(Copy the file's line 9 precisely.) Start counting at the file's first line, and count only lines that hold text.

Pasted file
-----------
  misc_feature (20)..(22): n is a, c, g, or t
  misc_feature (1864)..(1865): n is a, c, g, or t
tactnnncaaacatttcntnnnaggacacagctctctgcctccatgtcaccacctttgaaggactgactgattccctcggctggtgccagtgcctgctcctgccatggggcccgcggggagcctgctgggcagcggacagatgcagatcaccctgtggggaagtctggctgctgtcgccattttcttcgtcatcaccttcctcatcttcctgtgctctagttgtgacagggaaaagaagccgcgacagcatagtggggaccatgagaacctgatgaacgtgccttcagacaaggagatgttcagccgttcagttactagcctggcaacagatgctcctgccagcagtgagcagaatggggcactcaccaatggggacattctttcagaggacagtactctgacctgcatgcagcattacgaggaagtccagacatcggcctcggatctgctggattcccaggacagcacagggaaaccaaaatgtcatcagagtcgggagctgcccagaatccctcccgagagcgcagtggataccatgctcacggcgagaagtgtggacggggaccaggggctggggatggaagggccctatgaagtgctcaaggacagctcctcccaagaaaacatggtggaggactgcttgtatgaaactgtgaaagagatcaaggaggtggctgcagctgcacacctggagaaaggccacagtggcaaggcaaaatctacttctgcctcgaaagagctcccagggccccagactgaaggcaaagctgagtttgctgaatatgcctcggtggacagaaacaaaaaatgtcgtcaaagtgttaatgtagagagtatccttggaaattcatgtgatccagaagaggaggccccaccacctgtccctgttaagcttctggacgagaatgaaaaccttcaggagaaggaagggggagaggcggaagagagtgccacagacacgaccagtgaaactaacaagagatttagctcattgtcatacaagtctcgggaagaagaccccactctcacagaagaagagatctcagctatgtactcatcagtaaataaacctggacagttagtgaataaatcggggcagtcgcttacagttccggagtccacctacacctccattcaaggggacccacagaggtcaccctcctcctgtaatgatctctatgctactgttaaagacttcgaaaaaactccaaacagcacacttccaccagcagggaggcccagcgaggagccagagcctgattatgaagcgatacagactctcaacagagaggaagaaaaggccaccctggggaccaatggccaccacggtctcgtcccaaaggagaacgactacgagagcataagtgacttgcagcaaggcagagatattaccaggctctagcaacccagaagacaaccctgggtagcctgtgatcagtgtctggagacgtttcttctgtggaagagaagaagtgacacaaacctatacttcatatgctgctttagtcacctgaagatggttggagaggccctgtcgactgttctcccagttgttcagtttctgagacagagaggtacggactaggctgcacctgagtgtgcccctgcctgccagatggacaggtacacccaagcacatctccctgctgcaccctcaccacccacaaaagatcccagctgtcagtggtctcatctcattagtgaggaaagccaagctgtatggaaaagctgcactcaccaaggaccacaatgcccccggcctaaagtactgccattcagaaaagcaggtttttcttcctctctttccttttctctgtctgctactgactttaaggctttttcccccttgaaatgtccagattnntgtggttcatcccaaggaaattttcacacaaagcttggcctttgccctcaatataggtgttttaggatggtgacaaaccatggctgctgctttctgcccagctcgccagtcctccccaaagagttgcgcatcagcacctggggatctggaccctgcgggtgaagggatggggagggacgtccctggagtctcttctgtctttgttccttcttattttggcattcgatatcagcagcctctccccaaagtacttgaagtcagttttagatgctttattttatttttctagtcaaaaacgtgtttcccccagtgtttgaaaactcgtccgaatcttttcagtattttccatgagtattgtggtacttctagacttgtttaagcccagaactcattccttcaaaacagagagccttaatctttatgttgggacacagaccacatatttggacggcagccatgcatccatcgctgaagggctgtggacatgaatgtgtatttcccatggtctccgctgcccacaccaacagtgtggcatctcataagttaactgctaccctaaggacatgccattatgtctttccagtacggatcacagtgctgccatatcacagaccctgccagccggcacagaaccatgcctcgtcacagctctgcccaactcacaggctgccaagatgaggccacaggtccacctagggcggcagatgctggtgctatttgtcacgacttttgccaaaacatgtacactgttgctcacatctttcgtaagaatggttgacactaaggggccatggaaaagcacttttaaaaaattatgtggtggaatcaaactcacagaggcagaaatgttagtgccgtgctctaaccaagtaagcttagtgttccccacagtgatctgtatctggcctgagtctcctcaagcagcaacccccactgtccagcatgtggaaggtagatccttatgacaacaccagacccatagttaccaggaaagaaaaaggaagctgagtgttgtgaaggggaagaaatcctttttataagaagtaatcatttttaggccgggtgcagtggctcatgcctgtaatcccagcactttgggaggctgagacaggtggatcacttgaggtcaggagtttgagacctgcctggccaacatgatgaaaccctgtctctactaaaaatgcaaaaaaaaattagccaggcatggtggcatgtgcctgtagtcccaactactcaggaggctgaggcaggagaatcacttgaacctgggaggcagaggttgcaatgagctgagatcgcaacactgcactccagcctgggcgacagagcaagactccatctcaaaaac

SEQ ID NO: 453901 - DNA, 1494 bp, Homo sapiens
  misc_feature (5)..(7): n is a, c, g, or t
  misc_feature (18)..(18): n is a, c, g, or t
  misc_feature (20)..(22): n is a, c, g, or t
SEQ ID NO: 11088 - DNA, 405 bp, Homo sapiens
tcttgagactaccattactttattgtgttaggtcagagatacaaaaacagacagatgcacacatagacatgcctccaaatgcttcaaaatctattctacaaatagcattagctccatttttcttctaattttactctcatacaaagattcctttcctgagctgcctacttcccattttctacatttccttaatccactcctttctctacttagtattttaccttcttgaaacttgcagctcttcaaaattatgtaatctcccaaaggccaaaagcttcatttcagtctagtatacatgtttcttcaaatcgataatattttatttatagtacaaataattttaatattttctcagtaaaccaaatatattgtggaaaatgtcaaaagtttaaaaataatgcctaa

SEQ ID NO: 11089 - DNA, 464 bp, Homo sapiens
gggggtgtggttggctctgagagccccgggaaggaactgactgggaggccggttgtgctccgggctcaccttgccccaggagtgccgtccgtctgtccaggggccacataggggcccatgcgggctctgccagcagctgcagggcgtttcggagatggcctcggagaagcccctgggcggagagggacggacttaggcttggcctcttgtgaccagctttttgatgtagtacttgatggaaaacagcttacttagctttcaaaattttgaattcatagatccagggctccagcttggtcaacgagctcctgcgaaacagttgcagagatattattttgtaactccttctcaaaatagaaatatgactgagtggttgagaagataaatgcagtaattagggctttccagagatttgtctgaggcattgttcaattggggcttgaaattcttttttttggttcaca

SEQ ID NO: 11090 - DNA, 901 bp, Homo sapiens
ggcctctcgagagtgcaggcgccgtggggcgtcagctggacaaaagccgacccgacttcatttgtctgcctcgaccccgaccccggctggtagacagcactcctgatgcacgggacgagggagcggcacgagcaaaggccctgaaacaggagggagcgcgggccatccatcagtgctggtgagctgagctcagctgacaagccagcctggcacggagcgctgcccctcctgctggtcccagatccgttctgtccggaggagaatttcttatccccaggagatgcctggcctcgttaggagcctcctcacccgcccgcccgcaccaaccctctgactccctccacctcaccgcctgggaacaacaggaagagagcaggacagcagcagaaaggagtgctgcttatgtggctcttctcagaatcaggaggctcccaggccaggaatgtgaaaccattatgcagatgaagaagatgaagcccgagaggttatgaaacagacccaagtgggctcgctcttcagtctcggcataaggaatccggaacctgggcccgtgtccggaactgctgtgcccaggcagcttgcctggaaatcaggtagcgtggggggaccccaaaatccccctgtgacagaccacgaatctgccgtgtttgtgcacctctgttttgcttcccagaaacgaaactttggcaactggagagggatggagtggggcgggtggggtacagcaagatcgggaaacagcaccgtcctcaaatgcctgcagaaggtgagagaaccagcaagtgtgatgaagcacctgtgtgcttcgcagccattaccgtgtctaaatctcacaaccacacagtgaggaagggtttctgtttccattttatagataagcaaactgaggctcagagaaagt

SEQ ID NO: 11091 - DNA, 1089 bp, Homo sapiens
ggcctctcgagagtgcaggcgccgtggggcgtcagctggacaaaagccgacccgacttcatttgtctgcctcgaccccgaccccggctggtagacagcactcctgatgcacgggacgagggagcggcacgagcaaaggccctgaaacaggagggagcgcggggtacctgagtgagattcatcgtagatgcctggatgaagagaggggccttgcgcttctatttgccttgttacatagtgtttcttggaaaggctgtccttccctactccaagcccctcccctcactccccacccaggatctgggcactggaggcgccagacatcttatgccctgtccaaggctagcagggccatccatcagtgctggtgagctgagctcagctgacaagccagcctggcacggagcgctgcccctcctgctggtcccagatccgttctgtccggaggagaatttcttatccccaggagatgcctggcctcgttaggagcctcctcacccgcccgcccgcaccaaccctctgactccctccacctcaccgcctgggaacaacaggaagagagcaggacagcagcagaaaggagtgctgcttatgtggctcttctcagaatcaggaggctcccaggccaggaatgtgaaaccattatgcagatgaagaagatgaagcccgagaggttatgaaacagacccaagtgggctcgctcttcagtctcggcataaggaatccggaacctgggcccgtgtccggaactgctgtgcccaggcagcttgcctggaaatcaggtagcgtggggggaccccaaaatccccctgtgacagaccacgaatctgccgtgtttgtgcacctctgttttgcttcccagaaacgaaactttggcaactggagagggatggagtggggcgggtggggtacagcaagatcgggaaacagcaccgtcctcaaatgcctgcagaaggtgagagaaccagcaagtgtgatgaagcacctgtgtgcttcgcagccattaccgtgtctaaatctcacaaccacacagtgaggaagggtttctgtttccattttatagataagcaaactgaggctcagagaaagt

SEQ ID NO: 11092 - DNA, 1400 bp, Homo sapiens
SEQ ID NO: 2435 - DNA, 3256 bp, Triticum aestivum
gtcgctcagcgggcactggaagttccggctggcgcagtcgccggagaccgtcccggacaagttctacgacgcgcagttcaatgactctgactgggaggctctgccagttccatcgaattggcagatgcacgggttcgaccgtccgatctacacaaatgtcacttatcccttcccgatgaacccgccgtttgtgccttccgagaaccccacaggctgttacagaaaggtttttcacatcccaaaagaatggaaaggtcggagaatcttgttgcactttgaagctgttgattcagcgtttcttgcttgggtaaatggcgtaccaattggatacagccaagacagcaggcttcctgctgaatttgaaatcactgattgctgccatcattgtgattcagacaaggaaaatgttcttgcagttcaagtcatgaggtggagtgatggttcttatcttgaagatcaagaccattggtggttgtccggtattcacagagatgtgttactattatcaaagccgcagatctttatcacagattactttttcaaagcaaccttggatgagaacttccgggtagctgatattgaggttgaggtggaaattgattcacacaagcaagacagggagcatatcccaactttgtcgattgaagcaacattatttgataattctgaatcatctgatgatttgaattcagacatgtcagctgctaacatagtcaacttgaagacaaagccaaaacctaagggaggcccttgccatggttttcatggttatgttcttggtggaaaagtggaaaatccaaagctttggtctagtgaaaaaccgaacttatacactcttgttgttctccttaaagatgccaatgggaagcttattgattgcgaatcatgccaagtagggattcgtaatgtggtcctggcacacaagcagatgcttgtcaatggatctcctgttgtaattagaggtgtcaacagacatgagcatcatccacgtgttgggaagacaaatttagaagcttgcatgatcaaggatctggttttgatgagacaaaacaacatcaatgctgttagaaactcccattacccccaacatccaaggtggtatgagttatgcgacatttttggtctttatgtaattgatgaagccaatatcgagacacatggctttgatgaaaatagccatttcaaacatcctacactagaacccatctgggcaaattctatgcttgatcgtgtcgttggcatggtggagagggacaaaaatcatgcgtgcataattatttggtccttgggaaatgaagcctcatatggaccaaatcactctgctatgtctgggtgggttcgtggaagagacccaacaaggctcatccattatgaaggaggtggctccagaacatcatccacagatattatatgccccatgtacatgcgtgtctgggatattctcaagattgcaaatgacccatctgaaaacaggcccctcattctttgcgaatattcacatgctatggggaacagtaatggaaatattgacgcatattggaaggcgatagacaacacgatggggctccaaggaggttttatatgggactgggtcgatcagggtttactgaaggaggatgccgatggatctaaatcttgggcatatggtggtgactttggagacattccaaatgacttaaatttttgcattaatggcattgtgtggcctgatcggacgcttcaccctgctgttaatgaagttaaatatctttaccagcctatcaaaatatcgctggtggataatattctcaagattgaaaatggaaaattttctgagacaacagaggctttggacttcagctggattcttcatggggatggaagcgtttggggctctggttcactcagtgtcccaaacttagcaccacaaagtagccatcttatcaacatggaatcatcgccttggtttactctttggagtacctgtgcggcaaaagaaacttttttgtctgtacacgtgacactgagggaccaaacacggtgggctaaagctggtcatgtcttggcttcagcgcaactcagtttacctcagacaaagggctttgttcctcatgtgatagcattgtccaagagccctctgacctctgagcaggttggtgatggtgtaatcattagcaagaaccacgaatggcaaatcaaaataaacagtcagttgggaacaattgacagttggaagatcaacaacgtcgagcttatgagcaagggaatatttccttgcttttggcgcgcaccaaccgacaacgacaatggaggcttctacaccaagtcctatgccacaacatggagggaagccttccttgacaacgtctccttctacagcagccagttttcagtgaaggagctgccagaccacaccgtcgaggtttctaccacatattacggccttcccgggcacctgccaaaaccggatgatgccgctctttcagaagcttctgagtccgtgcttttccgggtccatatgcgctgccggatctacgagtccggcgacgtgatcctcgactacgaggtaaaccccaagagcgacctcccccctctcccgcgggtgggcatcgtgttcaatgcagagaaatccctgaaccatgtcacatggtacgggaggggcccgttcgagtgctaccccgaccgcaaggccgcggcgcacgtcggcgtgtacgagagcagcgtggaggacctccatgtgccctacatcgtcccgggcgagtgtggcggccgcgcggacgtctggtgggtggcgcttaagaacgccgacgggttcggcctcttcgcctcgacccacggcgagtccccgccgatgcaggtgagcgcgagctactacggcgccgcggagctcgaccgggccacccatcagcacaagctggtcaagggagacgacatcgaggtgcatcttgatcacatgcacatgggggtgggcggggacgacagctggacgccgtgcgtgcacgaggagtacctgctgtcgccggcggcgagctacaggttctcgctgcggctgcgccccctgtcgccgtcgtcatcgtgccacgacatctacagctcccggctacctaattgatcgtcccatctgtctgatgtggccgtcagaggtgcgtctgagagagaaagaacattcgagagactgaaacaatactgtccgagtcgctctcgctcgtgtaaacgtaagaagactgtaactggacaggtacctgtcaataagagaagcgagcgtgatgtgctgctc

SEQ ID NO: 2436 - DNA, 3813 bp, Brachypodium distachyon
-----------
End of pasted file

tcttgagactaccattactttattgtgttaggtcagagatacaaaaacagacagatgcacacatagacatgcctccaaatgcttcaaaatctattctacaaatagcattagctccatttttcttctaattttactctcatacaaagattcctttcctgagctgcctacttcccattttctacatttccttaatccactcctttctctacttagtattttaccttcttgaaacttgcagctcttcaaaattatgtaatctcccaaaggccaaaagcttcatttcagtctagtatacatgtttcttcaaatcgataatattttatttatagtacaaataattttaatattttctcagtaaaccaaatatattgtggaaaatgtcaaaagtttaaaaataatgcctaa